Pages to Watch is exactly as it sounds: Facebook allows you to build a list of pages to monitor. It’s a great way of spying on your competitors and using their data to push your brand forward. It can be a huge wake up call for brand managers. You might realize you aren’t whipping out enough content to be competitive or that you’ve fallen behind trends. Facebook is a rapidly evolving platform, so it’s essential to adapt your strategy to new algorithm and feature changes. The top brands of your niche are likely on top of the ball, so here’s your chance to take notes.
After adding a page to your list, click on their name. This handy menu will pop up showcasing their top performing posts from the last 7 days. Pretty straightforward.
In the same vein that you can monitor competitors’ content, the feature works the same for your own page. Click on your name and you’ll get your top posts from the last 7 days. While it’s possible to get this information from the Posts tab, you’d still have to manually sift through your posts so this menu is the clear winner.
There are 3 ways I use this data, all of which have proven to be major factors in achieving consistent organic growth on Facebook:Know exactly what type of content to produce in the future Grab your top posts and share them into relevant Facebook groups Save your top posts and repost it 2–3 months later
Most importantly, Pages to Watch shows you exactly where you stand in your niche. If you’re a competitive person, here’s where you’ll spend a lot of time obsessing over page performance. The satisfaction of slipping past a competitor’s page or getting higher engagement than them with a smaller audience is unreal. If you aren’t reaching those levels, it’s a kick in the ass to work harder.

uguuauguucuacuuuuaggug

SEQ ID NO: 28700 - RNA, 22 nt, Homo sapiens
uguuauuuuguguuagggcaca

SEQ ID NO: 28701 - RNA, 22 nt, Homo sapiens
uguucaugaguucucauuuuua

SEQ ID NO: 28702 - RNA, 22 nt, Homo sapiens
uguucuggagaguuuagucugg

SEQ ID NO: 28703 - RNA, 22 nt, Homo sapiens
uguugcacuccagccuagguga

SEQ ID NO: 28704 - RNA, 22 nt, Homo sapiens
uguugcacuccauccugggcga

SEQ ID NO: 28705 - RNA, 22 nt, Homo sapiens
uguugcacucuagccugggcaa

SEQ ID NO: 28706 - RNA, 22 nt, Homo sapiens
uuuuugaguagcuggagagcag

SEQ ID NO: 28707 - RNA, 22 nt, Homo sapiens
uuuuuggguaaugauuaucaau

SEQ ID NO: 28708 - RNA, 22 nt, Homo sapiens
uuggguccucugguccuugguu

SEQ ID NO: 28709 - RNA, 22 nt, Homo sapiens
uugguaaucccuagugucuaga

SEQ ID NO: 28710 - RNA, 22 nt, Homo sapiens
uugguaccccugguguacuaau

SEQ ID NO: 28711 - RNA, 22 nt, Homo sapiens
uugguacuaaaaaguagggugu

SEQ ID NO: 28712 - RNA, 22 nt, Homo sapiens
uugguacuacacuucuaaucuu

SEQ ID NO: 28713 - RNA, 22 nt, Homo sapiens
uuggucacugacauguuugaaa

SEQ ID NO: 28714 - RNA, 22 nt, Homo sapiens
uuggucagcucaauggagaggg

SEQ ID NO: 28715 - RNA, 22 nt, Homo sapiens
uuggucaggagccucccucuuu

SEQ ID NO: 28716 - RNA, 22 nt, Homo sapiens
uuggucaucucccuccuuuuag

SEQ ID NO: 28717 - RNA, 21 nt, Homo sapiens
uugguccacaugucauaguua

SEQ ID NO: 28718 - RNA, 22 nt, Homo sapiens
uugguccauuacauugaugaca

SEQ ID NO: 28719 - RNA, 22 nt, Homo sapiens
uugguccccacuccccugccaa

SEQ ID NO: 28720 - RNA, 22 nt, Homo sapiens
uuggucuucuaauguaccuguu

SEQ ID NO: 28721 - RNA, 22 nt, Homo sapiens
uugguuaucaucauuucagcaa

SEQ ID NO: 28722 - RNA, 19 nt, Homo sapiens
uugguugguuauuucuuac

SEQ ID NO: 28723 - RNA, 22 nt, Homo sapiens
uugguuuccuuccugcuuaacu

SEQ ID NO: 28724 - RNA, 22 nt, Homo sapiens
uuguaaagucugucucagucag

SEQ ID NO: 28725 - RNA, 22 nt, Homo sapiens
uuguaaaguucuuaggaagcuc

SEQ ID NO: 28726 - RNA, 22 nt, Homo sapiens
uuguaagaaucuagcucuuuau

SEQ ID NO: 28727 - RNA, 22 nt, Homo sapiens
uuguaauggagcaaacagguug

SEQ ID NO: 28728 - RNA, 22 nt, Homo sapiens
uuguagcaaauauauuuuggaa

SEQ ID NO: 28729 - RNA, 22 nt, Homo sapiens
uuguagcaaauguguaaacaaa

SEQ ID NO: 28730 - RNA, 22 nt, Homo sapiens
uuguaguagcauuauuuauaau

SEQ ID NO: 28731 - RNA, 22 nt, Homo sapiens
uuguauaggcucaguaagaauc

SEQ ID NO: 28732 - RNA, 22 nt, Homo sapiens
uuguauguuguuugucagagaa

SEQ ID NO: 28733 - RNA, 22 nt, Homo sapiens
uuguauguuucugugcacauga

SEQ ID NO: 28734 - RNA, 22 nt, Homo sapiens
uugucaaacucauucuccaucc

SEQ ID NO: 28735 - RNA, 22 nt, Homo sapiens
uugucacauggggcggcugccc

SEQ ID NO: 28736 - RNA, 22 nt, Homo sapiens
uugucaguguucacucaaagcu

Compare your growth rate with your competitors. If you aren’t stacking up anywhere close, it’s time to figure out why. Are you posting enough in a week or be competitive? Organic fanbase growth on Facebook is almost purely a numbers game. The newsfeed algorithm favors consistent posting and high volume. It rewards that consistency with post reach. Many marketing experts agree it’s best to space out your posts every 4 hours at most. I don’t follow that belief. One post every 4 hours should be the minimum for organic growth. You get on that schedule until your posts have predictable results and then increase your frequency. The larger your fanbase is, the more frequent you should post.
At a certain point, you can actually use predictive analytics to determine a post’s engagement. I’ve found an extremely consistent growth hack for organic Facebook growth using this idea that works best with established audiences. If you have a brand (or a client) that’s above 300k page likes, shoot me an email and let’s chat. I’ve been able to gain 20k-60k page likes monthly for sustained periods of time for a handful of brands already using this method.
Despite practically living within Facebook Analytics, I’m curious as to how others are using them. I assume there’s some creative ways to use demographic data out there that I’ve never touched. If you’ve got a cool applications of Facebook data, leave it in the comments below. Better yet, shoot me an email and let’s set up a Skype call to trade tips. Cheers to a strong start to 2018.
☞ Smash that motherfucking KARMA if you found value in my writing!
Originally published at christweten.com on January 9, 2018.